|18||Wednesday||October 30, 1974||at Hawaiians||W 33–31||20,544|
|19||Thursday||November 7, 1974||Chicago Fire||W 49–24||14,085|
|20||Wednesday||November 13, 1974||Charlotte Hornets||W 28–22||13,339|
|Semi-finals||Friday||November 29, 1974||Florida Blazers||L 15–18||9,692|
|1||Sunday||August 2, 1975||Jacksonville Express||W 27–26||25,166|
|2||Sunday||August 9, 1975||Charlotte Hornets||W 23–11||19,729|
|3||Sunday||August 23, 1975||at Philadelphia Bell||L 18–22||5,051|
|4||Sunday||August 30, 1975||Chicago Winds||W 31–7||21,515|
|5||Sunday||September 7, 1975||Hawaiians||W 37–17||15,132|
|6||Sunday||September 14, 1975||Shreveport Steamer||W 34–23||18,003|
|7||Sunday||September 21, 1975||at Portland Thunder||W 16–3||14,818|
|8||Sunday||September 28, 1975||at San Antonio Wings||L 17–25||16,283|
|9||Sunday||October 5, 1975||Southern California Sun||W 37–33||18,129|
|10||Sunday||October 12, 1975||Birmingham Vulcans||L 14–18||20,192|
|11||Sunday||October 19, 1975||at Birmingham Vulcans||L 0–21||35,000|
- "Basset says Northmen likely to move". The Globe and Mail. 1974-05-04.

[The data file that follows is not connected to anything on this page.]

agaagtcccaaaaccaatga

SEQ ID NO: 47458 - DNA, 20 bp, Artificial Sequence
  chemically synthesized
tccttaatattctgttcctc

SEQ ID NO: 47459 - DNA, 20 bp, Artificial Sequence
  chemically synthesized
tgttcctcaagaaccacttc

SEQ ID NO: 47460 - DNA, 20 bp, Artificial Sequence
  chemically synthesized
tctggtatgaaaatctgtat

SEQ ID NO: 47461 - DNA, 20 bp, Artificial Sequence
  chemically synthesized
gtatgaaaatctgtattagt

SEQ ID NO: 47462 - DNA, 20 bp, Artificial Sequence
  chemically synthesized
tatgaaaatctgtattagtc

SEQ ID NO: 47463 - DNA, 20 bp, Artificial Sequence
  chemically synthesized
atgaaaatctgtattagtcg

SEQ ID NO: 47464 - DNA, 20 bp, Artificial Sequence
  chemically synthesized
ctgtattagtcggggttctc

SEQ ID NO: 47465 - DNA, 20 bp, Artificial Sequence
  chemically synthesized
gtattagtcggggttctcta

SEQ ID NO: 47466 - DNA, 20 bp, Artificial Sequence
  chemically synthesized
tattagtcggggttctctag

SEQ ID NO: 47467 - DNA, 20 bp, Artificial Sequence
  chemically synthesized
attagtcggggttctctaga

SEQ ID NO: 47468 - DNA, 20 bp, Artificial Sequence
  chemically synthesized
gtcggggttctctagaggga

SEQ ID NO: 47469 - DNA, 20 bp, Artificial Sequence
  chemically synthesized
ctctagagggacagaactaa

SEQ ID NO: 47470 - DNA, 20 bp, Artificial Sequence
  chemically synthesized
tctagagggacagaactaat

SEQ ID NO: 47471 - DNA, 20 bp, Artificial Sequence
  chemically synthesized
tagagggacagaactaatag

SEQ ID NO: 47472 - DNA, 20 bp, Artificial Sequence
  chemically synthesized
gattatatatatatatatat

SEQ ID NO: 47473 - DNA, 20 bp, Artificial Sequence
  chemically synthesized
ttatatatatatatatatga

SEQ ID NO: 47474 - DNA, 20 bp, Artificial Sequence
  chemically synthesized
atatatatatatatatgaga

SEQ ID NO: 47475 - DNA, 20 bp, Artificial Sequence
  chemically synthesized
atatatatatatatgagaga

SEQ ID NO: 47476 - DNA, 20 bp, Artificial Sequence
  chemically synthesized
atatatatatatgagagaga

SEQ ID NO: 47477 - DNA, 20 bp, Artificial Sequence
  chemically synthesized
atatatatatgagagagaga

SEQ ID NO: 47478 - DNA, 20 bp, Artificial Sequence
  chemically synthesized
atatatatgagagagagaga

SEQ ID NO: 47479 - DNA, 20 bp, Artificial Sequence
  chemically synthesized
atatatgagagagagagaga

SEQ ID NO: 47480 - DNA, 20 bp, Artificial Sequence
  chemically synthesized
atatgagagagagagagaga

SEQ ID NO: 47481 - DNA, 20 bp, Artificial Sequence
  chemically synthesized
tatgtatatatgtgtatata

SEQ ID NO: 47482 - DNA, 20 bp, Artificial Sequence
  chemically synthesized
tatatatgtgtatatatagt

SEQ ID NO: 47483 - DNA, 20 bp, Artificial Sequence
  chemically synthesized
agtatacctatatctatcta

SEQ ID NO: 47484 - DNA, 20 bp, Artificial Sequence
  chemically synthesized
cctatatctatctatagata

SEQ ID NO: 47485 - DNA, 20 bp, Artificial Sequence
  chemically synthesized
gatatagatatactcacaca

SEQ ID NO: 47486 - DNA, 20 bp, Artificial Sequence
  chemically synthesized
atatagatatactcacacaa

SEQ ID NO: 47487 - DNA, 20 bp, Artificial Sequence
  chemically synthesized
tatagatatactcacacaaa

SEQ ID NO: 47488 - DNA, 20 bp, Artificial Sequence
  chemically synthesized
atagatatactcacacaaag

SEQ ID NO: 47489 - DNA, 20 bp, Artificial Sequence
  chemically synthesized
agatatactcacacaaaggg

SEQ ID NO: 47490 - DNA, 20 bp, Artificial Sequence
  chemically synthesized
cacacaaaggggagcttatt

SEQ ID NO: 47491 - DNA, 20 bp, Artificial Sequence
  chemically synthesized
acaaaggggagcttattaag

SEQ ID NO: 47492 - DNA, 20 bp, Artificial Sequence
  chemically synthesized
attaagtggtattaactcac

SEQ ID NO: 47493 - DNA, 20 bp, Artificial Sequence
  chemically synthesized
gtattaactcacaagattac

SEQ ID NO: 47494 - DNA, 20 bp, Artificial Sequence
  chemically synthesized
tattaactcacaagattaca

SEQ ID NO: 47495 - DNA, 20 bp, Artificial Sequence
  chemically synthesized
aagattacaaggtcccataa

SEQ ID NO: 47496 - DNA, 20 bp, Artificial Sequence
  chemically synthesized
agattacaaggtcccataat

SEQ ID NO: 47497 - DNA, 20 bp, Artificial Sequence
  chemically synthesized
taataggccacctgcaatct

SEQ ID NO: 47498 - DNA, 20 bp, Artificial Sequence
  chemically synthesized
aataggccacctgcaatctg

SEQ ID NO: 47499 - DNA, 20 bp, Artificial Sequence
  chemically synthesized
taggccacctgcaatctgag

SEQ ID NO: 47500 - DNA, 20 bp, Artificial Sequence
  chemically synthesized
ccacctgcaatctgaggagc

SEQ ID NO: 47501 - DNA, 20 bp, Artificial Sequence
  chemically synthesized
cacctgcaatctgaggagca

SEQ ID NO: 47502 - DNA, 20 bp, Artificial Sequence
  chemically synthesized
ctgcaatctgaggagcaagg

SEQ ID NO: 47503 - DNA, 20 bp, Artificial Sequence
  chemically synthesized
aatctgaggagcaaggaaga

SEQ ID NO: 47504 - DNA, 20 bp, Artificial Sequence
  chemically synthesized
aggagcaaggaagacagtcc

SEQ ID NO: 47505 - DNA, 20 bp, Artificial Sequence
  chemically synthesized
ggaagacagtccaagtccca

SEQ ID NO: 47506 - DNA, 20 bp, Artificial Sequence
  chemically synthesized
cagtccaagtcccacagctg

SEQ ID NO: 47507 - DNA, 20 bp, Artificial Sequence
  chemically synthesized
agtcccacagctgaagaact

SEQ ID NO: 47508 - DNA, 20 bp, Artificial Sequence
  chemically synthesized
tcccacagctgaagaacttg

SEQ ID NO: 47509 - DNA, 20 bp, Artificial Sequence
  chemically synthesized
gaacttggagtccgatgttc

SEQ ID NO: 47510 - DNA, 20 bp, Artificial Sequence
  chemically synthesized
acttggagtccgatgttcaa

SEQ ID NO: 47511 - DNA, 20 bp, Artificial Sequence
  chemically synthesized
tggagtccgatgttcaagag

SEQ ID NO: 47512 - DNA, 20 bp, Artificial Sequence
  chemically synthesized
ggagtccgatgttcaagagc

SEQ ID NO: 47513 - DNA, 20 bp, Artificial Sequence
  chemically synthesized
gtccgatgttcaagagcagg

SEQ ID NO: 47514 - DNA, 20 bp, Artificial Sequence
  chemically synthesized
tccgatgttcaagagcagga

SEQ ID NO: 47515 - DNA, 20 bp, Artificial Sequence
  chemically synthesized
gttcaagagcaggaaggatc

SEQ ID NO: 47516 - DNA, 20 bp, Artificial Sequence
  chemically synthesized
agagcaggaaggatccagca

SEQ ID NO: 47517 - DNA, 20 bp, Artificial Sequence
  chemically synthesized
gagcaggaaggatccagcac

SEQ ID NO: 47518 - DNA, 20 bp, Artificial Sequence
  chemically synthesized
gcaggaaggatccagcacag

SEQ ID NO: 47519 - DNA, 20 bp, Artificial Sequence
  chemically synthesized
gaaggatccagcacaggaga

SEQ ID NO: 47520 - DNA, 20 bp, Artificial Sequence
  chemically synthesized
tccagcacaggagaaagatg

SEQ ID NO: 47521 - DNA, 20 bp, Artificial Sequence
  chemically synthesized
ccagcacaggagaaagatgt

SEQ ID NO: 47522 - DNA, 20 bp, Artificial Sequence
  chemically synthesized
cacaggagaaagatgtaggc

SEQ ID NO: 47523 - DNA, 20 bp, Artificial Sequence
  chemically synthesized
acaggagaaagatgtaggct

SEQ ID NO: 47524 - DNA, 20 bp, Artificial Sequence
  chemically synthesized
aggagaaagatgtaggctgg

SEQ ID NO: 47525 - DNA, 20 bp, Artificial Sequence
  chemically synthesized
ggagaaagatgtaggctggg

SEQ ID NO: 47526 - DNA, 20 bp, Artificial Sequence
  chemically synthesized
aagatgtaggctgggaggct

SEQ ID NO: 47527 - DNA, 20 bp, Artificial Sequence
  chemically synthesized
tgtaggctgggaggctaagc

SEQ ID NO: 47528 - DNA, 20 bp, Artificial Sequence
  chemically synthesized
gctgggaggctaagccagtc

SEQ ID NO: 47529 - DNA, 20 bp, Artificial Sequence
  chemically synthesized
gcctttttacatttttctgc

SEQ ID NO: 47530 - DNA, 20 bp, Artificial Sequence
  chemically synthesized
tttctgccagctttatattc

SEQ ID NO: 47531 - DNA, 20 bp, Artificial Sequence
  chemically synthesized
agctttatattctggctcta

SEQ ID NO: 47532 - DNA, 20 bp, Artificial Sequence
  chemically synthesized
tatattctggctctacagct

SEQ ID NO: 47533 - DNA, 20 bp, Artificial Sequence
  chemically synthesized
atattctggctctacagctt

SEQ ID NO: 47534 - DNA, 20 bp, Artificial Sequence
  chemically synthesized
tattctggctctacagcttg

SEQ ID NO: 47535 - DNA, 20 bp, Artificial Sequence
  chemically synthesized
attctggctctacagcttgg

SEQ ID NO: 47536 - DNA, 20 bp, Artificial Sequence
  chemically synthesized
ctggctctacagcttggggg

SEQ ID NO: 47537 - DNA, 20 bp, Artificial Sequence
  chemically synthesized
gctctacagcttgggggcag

- "Toronto of W.F.L. Gets Memphis Home". The New York Times. 1974-05-07.
- York, Marty (1983-03-22). "Alternative to Tiger-Cats: Bassett sees Hamilton in USFL". The Globe and Mail.
- Ford, Mark L. (2000). "25 Significant "Meaningless" NFL Games" (PDF). The Coffin Corner. Vol. 22, no. 5. Pro Football Researchers Association. Archived from the original (PDF) on October 14, 2010. Retrieved January 19, 2010.
- "1974 World Football League Game Results". Retrieved 2015-11-11.
- "1975 World Football League Results". Retrieved 2015-11-11.
- Thomas, Roy (20 Oct 1975). "Vulcs take fire out of Southmen". Montgomery Advertiser. p. 7. Retrieved 2021-10-04 – via Newspapers.com.
- "Head coach", Football Digest August 1974 issue